Since the mid-1980s, the publication of hospital outcomes data has become increasingly popular. Canada and the US operate performance reporting systems, with similar initiatives planned in Australia and New Zealand (Mannion and Davies, 2002). In Europe, outcomes data are collected and published in the UK, Italy, Scandinavia and the Netherlands (Marshall and Brook, 2002).
Whilst political and regulatory attitudes differ across countries, the economic motivations are often similar. Concern with escalating health care costs and regional variations in the quality of care has led countries to examine ways to improve value for money from their health systems, one of which is to place key data in the public domain (Marshall et al., 2003, Davies and Lampel, 1998, Fottler et al., 1987). Publication also forms part of a framework of accountability, along with regulation such as audit, accreditation, licensing and inspections; market (or quasi market) forces; and legislation (Davies, 1999). More broadly, publication is a means of realising the key political and cultural objectives of transparency and openness: publication aims to promote – or restore – public trust (Marshall et al., 2000a, Davies and Shields, 1999). A related motivation is that the public places ever more emphasis on a ‘right to know’ about goods and services generally, a right that is recognised in the Freedom of Information Act 2000. Thus, the availability of information is also valued for its own sake, whether or not this changes behaviour.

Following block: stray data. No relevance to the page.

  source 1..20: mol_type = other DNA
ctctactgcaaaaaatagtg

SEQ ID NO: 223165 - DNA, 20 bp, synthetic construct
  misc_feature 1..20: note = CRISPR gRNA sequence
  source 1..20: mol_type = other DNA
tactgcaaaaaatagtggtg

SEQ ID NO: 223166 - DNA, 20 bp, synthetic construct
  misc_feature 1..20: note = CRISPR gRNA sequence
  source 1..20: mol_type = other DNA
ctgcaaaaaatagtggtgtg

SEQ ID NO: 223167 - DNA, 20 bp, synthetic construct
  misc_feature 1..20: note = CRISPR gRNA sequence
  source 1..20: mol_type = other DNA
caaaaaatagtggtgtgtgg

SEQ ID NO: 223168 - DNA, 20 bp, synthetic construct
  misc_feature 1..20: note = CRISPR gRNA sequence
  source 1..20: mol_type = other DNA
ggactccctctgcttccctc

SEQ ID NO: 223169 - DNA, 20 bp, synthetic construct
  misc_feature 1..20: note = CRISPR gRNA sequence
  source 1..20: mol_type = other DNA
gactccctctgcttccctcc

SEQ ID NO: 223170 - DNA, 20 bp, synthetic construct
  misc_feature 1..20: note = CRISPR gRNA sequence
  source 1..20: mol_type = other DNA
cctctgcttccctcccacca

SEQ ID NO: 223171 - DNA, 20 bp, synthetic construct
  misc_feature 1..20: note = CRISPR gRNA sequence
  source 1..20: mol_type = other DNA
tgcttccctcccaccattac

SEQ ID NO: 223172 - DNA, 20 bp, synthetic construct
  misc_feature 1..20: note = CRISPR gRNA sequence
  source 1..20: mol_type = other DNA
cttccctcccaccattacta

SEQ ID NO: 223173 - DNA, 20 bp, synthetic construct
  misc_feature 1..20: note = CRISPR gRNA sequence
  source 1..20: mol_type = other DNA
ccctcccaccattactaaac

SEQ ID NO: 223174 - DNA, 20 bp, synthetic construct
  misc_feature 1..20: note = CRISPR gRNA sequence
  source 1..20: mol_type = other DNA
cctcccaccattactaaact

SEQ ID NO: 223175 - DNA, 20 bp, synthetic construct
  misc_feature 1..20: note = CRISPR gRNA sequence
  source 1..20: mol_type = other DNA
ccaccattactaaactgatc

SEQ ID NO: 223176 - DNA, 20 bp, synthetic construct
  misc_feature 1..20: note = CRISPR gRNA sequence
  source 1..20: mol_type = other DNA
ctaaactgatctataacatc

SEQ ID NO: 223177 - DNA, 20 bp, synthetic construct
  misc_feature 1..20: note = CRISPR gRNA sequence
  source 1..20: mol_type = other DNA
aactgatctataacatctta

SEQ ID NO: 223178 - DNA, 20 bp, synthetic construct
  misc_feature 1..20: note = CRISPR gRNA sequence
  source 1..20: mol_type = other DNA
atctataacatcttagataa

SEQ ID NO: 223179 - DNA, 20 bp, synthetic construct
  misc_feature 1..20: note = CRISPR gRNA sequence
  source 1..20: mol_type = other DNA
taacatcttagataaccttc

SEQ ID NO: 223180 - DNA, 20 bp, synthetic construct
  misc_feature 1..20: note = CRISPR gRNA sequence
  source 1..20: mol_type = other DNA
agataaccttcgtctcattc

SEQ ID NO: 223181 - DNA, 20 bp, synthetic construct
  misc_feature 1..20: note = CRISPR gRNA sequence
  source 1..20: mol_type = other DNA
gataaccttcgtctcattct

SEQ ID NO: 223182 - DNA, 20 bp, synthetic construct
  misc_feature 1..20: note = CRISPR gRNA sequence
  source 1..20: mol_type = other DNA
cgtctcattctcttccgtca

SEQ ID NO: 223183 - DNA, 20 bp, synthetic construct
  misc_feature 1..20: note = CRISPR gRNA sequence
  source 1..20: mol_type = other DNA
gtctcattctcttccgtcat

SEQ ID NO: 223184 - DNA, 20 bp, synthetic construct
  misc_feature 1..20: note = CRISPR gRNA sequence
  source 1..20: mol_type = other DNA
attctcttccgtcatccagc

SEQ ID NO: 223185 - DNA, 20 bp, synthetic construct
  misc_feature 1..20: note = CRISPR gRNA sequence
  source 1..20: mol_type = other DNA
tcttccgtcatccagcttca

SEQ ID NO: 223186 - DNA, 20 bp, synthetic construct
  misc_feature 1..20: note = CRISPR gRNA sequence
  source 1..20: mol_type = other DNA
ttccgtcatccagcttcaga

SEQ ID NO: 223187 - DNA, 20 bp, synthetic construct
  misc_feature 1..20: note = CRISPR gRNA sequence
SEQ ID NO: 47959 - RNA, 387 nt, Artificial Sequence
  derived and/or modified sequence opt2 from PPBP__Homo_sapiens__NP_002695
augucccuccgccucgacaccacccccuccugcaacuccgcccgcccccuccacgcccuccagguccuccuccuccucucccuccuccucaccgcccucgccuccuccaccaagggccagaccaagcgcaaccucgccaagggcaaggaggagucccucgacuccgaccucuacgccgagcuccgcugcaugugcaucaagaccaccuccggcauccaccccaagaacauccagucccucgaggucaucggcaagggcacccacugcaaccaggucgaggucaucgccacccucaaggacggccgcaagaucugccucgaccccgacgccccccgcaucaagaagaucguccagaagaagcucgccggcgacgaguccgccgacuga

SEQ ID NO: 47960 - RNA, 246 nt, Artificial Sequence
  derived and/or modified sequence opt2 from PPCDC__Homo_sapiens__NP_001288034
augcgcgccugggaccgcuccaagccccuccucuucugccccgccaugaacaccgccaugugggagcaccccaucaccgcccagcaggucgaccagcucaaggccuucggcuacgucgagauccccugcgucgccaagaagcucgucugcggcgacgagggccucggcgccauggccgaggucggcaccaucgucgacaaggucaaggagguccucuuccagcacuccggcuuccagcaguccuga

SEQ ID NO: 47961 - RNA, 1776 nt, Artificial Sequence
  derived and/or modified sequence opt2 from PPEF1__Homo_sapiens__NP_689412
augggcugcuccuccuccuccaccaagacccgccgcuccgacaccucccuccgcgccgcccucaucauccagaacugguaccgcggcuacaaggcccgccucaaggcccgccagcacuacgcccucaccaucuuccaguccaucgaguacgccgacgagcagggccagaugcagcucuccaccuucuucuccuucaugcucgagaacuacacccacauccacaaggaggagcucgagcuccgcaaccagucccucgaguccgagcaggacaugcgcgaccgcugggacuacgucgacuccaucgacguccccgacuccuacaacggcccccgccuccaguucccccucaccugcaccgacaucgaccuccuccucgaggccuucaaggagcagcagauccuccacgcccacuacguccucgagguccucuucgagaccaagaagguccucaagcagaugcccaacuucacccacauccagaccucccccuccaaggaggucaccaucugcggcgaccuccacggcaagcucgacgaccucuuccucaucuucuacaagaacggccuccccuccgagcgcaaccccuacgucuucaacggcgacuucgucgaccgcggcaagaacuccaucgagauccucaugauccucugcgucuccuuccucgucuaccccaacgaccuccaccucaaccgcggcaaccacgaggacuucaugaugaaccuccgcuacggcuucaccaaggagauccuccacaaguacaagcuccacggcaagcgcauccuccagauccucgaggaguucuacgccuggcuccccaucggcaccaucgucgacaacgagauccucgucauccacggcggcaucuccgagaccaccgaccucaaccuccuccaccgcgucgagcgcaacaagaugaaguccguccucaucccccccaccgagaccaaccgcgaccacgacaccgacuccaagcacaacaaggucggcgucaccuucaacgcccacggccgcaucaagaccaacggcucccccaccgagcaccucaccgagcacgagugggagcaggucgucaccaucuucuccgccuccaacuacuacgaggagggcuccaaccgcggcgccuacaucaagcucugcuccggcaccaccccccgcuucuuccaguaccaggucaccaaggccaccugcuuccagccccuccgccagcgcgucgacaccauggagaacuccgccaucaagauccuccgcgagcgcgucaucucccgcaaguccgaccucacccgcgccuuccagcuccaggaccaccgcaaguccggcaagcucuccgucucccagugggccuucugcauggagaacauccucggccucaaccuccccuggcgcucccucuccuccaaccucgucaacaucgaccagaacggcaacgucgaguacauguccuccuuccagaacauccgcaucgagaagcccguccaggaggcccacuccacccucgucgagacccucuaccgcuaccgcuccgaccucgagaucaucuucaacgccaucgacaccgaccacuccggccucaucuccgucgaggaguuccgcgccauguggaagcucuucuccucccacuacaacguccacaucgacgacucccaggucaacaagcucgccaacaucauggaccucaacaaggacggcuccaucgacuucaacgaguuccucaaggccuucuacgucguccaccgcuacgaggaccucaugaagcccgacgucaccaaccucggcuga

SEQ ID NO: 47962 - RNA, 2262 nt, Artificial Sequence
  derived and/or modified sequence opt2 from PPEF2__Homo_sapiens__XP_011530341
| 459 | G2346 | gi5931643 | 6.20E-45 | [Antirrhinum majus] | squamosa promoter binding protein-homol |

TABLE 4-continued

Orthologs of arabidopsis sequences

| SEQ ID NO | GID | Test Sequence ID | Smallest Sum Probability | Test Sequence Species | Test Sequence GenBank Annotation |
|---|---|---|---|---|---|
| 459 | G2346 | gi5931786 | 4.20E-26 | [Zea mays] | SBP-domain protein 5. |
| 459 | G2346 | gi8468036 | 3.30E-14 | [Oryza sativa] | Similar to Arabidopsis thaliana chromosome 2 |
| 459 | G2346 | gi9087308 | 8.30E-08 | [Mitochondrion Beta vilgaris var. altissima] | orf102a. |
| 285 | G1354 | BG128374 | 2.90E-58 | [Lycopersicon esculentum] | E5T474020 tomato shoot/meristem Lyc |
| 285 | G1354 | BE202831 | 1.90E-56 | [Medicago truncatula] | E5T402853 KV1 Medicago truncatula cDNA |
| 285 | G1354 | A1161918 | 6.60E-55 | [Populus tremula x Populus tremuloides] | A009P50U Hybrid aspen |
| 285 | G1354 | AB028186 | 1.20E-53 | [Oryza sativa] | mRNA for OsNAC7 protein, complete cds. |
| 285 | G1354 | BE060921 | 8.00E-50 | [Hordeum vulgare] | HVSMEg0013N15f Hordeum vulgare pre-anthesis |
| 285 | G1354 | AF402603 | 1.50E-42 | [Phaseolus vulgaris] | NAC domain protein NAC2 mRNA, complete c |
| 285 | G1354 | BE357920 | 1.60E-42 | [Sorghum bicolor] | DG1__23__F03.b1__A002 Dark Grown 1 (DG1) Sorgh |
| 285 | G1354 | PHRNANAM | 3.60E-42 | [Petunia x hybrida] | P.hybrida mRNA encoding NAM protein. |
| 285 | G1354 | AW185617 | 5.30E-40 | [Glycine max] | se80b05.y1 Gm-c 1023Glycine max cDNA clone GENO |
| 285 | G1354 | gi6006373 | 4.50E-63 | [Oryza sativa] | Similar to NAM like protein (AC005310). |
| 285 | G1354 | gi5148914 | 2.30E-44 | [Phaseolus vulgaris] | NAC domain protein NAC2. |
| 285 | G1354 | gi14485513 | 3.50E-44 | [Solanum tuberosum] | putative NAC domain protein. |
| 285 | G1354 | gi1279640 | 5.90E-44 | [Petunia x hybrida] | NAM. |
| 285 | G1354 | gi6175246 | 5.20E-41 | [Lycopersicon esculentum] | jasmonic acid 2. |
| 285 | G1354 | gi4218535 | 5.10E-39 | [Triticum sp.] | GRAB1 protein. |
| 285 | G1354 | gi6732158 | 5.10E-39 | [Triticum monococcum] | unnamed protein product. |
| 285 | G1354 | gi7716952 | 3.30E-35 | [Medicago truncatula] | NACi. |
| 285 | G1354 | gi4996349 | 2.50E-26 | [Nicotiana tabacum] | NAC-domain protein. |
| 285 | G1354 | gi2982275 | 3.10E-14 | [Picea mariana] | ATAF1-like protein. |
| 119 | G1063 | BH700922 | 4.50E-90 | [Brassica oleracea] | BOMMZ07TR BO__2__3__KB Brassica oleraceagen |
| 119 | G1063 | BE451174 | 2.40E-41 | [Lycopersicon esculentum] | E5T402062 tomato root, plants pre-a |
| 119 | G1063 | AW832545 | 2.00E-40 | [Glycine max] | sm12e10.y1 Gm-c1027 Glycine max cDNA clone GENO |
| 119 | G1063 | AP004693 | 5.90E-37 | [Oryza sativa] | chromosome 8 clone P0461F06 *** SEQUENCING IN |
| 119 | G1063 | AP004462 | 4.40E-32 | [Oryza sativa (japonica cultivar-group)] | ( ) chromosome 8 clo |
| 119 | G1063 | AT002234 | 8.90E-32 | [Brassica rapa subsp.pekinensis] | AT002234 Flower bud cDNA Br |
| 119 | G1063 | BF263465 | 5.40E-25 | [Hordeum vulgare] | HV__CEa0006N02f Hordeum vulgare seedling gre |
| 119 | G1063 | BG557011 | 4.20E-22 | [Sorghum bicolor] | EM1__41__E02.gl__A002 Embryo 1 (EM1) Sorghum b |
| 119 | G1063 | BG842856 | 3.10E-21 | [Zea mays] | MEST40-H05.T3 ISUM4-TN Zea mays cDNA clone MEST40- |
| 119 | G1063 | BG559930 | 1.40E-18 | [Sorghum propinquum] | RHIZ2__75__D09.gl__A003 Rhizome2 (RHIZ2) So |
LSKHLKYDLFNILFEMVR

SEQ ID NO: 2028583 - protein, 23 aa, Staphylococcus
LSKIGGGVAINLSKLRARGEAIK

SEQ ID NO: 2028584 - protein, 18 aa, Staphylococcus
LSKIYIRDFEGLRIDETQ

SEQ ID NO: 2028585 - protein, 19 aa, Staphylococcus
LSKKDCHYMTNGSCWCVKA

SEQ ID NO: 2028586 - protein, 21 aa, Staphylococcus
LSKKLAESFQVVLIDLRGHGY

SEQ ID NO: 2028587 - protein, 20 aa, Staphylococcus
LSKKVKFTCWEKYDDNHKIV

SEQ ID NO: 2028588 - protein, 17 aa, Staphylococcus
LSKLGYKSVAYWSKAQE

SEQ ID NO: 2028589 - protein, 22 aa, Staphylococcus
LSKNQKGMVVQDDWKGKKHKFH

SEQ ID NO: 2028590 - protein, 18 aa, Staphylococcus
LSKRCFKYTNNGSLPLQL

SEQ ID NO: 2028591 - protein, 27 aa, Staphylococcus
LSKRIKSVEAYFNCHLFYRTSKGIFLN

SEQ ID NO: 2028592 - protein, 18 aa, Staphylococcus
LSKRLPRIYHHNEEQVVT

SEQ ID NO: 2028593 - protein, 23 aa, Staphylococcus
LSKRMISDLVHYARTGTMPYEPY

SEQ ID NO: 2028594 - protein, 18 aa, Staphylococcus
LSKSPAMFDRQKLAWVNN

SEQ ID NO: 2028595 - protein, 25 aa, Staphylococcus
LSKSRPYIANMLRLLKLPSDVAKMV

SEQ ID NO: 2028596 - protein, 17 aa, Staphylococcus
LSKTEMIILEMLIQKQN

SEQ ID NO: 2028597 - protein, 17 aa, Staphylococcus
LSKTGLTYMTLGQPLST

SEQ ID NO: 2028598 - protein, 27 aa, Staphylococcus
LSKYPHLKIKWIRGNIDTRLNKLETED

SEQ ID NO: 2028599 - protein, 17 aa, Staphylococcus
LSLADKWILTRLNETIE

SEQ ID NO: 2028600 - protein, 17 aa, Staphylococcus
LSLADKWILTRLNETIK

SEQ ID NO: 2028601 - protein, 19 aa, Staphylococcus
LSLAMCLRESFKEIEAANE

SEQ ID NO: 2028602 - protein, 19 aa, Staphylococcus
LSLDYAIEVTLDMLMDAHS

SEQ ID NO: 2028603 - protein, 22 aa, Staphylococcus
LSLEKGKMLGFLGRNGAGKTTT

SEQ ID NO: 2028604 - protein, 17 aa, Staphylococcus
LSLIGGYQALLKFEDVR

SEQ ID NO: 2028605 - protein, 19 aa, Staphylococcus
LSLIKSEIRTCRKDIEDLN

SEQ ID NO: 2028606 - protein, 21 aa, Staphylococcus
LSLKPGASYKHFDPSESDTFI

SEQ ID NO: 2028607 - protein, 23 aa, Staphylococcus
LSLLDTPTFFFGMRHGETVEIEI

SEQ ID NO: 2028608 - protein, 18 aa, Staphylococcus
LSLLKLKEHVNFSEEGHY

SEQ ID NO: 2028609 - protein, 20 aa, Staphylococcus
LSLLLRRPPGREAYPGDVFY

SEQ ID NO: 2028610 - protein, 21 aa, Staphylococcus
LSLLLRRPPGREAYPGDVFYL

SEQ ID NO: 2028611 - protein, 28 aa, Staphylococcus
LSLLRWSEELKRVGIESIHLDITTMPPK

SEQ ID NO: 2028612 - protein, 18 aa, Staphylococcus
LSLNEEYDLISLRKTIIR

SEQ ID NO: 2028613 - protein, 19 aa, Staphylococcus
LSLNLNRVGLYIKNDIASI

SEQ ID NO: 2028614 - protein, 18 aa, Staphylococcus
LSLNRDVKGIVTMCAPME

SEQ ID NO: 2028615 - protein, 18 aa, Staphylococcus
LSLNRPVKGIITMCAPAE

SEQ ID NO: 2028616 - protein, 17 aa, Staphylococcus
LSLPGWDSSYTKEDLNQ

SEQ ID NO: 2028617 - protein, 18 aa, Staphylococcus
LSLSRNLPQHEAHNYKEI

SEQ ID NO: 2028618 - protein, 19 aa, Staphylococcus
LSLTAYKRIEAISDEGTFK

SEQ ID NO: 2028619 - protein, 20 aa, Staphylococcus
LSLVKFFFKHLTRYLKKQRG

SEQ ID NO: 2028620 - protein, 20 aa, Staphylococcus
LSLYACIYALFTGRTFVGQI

The aims of this report are to describe and discuss particular systems of publication of hospital outcomes data in some detail, to present a critique of what these systems, why they were set up and how they operate, and to explore the potential implications for policy and practice in the UK health care system.